Hastert released from prison

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Former U.S. House Speaker Dennis Hasert has left a federal prison in Minnesota, and has been moved to Chicago to complete his sentence for breaking banking laws to cover up hush money payments to hide his acts of child sex abuse.

Hastert's official release date is August 16, and it's unclear if he'll serve the remainder of his term on home confinement or at a local halfway house.

His official release date was August 16, but prison records reportedly show he's under supervision as part of the re-entry program.

The Federal Bureau of Prisons says Hastert was released Monday from a prison in Minnesota and transferred to the jurisdiction of a Chicago re-entry facility.

The former Speaker admitted to the judge at his April 2016 sentencing hearing that he had sexually abused children in 1970s during his time as a wrestling coach at Yorkville High School in IL.

"They got him on what they could", he said. His portrait was removed from the U.S. Capitol, and his name has been removed from buildings that once displayed it with honor.

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The former Speaker had been serving time in the Rochester Federal Medical Center, which provides medical care for inmates.

Hastert did not face sex-related charges because prosecutors said the statute of limitations had long expired.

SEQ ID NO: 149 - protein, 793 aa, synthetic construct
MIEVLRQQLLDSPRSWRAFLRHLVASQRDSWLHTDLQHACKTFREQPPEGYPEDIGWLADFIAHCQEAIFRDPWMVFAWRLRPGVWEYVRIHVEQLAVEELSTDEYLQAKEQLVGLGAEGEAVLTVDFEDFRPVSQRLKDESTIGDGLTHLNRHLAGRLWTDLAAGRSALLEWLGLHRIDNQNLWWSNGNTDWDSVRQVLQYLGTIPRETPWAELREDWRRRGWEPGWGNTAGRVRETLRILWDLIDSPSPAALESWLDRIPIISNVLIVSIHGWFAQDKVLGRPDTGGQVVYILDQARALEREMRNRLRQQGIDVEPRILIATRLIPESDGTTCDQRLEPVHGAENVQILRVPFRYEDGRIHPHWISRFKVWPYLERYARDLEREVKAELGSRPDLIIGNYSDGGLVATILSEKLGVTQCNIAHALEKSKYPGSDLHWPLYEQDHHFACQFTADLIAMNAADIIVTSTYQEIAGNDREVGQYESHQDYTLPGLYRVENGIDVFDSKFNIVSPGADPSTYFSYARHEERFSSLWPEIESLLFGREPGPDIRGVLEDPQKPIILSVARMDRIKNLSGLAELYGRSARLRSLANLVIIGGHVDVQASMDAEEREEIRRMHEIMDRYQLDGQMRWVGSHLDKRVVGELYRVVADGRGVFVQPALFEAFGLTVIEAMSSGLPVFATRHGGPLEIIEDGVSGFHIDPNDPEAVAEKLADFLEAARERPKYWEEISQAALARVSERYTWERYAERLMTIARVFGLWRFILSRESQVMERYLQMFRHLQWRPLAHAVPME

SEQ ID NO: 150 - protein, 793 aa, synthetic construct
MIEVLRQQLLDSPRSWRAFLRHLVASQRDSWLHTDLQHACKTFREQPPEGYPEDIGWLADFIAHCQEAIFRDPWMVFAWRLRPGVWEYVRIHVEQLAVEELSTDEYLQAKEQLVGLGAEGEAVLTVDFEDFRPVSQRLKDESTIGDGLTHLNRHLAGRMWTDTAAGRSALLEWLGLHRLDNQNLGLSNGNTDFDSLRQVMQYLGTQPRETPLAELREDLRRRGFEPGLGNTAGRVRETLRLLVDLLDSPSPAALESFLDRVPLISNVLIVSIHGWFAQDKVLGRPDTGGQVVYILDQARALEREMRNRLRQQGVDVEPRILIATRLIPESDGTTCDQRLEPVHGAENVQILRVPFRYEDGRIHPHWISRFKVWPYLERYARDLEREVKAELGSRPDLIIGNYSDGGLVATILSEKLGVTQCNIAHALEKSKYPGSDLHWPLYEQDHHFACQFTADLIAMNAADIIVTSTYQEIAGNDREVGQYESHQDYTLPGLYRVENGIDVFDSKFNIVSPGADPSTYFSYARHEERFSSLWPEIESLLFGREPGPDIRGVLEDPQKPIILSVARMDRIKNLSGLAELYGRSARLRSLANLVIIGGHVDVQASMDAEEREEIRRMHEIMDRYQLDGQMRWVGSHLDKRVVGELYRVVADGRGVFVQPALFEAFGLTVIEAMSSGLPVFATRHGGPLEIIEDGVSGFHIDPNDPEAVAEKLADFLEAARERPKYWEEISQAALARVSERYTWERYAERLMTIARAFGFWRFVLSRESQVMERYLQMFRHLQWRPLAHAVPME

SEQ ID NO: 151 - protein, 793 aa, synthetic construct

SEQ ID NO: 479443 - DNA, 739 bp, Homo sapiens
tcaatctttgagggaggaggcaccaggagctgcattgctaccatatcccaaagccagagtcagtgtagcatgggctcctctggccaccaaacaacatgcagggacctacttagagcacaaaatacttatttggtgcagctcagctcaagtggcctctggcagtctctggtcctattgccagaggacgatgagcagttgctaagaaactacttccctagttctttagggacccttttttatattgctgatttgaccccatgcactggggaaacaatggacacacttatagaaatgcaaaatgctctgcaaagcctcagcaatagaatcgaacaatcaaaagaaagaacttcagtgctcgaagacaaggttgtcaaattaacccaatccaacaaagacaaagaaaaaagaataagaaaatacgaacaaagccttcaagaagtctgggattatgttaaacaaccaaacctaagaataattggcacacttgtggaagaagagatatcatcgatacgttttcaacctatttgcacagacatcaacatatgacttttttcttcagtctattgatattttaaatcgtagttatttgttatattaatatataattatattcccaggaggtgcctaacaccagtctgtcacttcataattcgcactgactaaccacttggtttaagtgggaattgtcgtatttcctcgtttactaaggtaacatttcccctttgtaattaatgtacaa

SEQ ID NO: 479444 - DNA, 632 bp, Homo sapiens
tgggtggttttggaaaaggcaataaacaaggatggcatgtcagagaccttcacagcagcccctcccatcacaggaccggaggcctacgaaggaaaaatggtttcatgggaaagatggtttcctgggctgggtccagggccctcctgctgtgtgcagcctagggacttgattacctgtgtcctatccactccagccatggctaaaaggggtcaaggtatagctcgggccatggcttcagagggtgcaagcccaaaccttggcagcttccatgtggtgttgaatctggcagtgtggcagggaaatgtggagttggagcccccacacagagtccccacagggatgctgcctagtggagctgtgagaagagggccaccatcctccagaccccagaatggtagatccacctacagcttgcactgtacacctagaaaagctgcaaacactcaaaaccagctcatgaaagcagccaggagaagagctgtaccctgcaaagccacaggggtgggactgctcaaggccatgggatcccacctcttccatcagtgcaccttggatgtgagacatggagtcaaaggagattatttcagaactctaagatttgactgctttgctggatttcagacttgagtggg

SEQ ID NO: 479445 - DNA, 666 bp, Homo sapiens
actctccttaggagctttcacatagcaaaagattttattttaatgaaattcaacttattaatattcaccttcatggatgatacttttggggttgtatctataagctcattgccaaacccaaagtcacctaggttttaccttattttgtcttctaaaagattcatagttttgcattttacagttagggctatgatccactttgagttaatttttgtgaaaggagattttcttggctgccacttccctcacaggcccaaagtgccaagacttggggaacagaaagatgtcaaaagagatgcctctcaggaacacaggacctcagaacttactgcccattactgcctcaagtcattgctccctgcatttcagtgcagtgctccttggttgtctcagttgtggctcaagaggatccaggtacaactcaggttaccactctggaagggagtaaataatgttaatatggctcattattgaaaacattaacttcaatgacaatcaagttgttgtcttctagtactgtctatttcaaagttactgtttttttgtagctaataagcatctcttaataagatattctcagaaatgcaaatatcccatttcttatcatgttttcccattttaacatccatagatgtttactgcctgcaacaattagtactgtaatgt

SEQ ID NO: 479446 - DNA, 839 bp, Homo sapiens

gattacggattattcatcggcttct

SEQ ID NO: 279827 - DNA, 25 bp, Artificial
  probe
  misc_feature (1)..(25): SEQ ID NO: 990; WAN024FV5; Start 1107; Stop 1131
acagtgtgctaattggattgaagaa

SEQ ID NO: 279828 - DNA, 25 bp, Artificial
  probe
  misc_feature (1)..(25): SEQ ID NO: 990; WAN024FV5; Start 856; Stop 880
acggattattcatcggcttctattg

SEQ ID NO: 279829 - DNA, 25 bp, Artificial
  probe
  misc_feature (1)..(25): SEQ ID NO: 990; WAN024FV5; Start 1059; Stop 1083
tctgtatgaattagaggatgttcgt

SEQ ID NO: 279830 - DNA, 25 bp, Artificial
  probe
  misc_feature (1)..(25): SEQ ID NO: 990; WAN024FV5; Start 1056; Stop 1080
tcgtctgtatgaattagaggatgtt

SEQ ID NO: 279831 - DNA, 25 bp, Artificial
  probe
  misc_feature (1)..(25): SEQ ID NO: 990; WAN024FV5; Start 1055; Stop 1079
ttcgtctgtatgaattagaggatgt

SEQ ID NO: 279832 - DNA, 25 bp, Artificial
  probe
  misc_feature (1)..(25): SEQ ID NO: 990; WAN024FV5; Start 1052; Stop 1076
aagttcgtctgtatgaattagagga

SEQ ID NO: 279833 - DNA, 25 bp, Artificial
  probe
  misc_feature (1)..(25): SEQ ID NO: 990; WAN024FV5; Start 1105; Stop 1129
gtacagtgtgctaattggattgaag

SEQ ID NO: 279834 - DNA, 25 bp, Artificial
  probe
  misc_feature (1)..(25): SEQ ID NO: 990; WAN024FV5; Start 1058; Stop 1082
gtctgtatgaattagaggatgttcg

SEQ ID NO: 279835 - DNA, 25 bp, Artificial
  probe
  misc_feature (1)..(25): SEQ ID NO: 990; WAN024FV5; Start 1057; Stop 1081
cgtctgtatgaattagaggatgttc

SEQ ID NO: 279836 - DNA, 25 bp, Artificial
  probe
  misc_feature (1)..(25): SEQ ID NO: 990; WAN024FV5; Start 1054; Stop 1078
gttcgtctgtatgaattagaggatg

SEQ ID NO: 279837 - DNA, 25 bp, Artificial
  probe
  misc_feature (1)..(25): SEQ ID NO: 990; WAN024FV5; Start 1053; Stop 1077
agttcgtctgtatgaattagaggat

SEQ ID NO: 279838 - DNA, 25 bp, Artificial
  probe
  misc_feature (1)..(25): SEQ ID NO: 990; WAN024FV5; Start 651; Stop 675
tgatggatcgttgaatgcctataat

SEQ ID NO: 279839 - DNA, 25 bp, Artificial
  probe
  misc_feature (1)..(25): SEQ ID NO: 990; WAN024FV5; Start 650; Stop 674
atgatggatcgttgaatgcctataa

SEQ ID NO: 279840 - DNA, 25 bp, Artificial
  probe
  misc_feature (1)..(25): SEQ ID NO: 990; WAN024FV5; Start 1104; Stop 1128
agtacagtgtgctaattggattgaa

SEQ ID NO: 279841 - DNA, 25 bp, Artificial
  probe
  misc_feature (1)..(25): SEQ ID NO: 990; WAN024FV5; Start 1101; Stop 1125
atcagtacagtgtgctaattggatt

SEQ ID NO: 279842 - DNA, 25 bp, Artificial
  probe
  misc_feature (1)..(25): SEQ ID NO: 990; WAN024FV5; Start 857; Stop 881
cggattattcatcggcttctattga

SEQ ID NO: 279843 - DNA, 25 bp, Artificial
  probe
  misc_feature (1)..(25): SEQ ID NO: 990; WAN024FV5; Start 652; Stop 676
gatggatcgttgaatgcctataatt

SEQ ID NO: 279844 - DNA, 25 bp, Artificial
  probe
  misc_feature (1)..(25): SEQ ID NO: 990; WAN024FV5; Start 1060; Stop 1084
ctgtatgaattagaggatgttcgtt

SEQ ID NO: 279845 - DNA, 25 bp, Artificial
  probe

He is one of the highest-ranking US politicians to ever go to prison, where he was known as Inmate No. 47991-424.

The feds hit Hastert in May 2015 with a blockbuster indictment that accused him of illegally structuring bank withdrawals and lying to the Federal Bureau of Investigation. Hastert almost died from a blood infection and had a stroke after he pleaded guilty on October 28, 2015.

Bob Evans was a coach at Yorkville High School when Hastert taught there and coached wrestling. Hastert's transfer was reported by The Associated Press on Tuesday. He has since sued Hastert in a Kendall County breach-of-contract lawsuit seeking the remaining $1.8 million - plus accrued interest - he argues Hastert owes him. He later told authorities he was the victim of an extortion plot, helping the feds secretly record two phone conversations with Individual A in March 2015. Scott Cross, the brother of former state House GOP leader Tom Cross, revealed himself to be a Hastert victim during Hastert's sentencing hearing.

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